Black Dahlia Murder singer Trevor Strnad dies aged 41 | music

Black Dahlia Murder singer Trevor Strnad dies aged 41 |  music

Trevor Strnad, the lead singer and co-founder of US black metal band Black Dahlia Murder, has died at the age of 41. His bandmates confirmed his death on social media. No reason was given, but contact information for the National Suicide Prevention Lifeline was shared alongside the announcement.

“It is with deep sadness that we announce the passing of Trevor Scott Strnad,” the Michigan group said in a statement. “Beloved son, brother and [shepherd] In good times he was loved by everyone who met him. A walking encyclopedia of music. He was a hugger, a writer, and truly one of the greatest entertainers in the world. His lyrics provided the world with stories and spells and horrors and whims. It was his life to be your show.”

The band’s lead guitarist, Brandon Ellis, called him “one of the funniest, most entertaining people alive. The life of the party that the Black Dahlia Murder is, as well as any room he happens to occupy. A lyrical genius. A champion of the entire heavy music culture. Also my biggest supporter.”

The wider metal world also paid tribute to Strnad. Trivium’s Matt Heafy called him an “icon of modern metal”.

“He was such a sweet guy,” said Machine Head’s Robb Flynn. “I had him on my podcast about 10 months ago, he was very open about struggling with depression. It’s a sad day for the metal community.”

Formed in 2000, The Black Dahlia Murder was named after the unsolved 1947 murder of aspiring actress Elizabeth Short and citing acts like Metallica, Pantera, and Judas Priest as influences.

After releasing several EPs independently, they signed to Metal Blade Records in 2003, which became their long-term home. Their last release for the label was 2020’s Verminous. The title referred to metal fans as carriers of a cultural plague.

Strnad and rhythm guitarist Brian Eschbach were the only constant members of the group, which had a shaky lineup. Her highest-charting album was 2011’s Ritual, which peaked at #31 on the US Billboard Albums chart.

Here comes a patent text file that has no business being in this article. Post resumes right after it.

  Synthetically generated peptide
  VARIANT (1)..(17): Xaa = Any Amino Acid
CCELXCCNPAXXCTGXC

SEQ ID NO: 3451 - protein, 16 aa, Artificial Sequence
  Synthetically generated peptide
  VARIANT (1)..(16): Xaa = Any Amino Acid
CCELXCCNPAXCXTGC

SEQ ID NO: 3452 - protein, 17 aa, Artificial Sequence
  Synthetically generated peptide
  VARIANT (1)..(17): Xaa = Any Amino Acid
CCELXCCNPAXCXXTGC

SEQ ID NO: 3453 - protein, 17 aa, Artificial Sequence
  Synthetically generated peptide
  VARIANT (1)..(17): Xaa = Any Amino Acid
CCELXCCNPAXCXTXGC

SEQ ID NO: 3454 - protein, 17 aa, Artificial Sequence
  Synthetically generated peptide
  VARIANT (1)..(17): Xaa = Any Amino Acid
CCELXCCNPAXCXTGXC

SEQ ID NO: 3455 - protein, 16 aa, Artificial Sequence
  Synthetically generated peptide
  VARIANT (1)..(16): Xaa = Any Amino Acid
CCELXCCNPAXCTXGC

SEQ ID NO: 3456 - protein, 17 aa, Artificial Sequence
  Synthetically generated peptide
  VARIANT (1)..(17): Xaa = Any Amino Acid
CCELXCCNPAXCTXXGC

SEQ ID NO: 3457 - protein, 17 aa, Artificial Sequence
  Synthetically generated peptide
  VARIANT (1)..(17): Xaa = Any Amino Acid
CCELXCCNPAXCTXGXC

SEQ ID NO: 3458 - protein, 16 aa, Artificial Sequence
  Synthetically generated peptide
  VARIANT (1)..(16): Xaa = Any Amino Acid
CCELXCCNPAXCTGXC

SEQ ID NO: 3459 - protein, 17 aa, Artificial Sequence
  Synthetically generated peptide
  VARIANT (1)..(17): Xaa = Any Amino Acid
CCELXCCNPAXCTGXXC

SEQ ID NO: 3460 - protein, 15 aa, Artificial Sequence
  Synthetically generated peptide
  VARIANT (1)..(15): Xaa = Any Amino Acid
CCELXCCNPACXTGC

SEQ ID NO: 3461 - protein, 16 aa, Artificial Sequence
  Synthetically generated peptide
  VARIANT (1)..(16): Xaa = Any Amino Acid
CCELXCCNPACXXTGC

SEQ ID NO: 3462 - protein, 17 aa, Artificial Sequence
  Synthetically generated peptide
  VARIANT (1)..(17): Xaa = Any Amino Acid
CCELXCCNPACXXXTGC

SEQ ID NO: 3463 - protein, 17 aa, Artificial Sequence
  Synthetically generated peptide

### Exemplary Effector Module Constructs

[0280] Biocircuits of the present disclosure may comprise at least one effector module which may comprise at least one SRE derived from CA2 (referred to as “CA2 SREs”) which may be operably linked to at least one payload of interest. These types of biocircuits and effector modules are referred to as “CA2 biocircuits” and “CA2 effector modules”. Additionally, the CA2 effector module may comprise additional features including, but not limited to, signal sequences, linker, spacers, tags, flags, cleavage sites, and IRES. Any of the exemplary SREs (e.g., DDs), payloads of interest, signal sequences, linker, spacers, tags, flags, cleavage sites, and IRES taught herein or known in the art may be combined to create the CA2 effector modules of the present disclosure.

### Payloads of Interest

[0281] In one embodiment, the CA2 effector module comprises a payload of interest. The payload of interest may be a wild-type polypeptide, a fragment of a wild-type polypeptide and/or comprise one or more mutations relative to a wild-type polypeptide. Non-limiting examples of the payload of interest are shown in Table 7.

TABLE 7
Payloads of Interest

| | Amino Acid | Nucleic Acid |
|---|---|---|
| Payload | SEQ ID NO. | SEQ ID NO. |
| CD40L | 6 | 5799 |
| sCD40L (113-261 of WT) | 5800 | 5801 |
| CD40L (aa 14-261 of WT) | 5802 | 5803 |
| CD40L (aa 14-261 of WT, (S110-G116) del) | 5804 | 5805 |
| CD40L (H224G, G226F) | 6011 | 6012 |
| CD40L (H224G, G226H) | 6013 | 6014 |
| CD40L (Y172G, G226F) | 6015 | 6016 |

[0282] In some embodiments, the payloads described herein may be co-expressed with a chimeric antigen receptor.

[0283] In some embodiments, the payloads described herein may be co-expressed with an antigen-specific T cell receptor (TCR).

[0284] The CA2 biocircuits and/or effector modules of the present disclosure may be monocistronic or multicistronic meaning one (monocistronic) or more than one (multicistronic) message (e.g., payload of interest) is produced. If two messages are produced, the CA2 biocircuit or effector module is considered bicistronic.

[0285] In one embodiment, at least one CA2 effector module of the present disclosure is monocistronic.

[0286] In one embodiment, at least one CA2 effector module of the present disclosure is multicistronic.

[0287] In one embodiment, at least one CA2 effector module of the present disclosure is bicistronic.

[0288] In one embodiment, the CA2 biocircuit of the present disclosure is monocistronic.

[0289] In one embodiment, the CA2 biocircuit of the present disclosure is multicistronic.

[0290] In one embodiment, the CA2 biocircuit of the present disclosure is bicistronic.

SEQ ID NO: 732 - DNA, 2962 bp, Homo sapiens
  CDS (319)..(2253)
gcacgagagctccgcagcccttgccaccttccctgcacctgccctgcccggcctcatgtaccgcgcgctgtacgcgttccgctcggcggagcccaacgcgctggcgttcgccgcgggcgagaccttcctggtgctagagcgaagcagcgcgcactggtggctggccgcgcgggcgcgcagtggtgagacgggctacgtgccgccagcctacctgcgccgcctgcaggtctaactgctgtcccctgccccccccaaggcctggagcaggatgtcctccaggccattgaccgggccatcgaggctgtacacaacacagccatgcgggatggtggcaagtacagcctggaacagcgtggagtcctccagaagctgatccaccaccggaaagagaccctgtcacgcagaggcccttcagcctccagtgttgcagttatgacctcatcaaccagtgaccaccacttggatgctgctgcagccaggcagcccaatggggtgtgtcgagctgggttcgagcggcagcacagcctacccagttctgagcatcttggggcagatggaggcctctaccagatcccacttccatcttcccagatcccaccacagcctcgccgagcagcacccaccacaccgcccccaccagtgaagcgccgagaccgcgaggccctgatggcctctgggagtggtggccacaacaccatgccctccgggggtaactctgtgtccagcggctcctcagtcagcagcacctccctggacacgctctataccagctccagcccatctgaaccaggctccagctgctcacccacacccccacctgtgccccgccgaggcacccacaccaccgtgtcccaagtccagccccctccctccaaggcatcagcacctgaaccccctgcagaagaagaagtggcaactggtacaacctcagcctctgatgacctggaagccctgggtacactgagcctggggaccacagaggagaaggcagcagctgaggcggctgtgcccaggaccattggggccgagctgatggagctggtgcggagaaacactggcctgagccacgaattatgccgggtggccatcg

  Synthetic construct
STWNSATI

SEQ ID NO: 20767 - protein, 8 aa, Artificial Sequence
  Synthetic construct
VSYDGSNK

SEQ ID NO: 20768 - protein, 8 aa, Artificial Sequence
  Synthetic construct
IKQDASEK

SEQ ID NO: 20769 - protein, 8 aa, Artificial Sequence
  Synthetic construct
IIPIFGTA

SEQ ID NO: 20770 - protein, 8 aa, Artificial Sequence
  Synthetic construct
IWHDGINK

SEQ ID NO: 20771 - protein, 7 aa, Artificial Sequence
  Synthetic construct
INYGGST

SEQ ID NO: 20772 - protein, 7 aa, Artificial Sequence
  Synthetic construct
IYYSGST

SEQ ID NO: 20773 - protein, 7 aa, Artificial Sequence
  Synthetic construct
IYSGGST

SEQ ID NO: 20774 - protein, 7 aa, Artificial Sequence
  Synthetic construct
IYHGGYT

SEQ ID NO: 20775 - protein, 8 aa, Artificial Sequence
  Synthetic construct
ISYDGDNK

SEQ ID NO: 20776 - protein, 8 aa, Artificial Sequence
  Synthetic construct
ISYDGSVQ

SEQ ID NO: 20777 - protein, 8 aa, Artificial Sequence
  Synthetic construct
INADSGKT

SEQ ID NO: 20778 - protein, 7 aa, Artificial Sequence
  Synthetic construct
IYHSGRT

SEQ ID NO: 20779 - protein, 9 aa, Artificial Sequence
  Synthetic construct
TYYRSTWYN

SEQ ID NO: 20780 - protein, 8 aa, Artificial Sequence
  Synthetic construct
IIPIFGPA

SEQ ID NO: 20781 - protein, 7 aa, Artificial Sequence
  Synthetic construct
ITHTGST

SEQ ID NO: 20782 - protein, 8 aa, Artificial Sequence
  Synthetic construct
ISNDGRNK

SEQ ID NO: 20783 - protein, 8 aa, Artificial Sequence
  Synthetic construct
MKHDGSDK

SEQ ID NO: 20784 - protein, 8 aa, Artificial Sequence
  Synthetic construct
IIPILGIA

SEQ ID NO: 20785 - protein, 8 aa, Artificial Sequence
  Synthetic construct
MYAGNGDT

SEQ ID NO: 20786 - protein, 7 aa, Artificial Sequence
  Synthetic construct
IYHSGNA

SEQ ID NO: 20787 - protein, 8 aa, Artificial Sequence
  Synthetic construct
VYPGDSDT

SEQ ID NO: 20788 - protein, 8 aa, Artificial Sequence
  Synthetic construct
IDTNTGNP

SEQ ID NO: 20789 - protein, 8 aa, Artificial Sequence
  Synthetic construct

The Black Dahlia Murder backstage in Chicago in 2006
The Black Dahlia Murder backstage in Chicago in 2006. Photo: MediaPunch/REX/Shutterstock

Strnad got into heavy metal as a kid obsessed with horror movies and fantasy. “I used to drive through the metal shelves and look at all the artwork in the record stores,” he told Echoes and Dust in 2020. “When I actually found out there was music about dragons and skeletons and shit like that, it felt perfect to me. I was open once that Book, there was no holding back.”

He described horror and metal as “healthy sources of negative energy,” but admitted it could be isolating being the lone metal fan in his teenage community. “I feel like the average person doesn’t see the value of our culture and our world and doesn’t see how passionate we are, how it gives us so much life. It was definitely instrumental in shaping me.”

In a 2021 interview with Metal Injection, Strnad was candid about the toll drinking on tour took in maintaining the persona he came to expect and the aesthetic pressure he felt as the band’s frontman. “It’s accumulated in some self-doubt, more anxiety for me as the band has gotten bigger and bigger and there’s more eyes and more pressure,” he said.

“I want my 40s to be great,” he said, expressing his desire for the Black Dahlia Murder to continue for another 20 years and for him to “grow gracefully into an older metalhead.”

Strnad said it was “so dangerous” for him to be left alone with his thoughts during two years of the pandemic and that he explored psychedelics and ketamine therapy to break out of old self-destructive thought patterns and help him push past a creative block.

Speaking publicly about his mental health has helped him, he said. “And I think it might help someone else to know that I’m human and that someone they might be looking for inspiration on is going through it too.”

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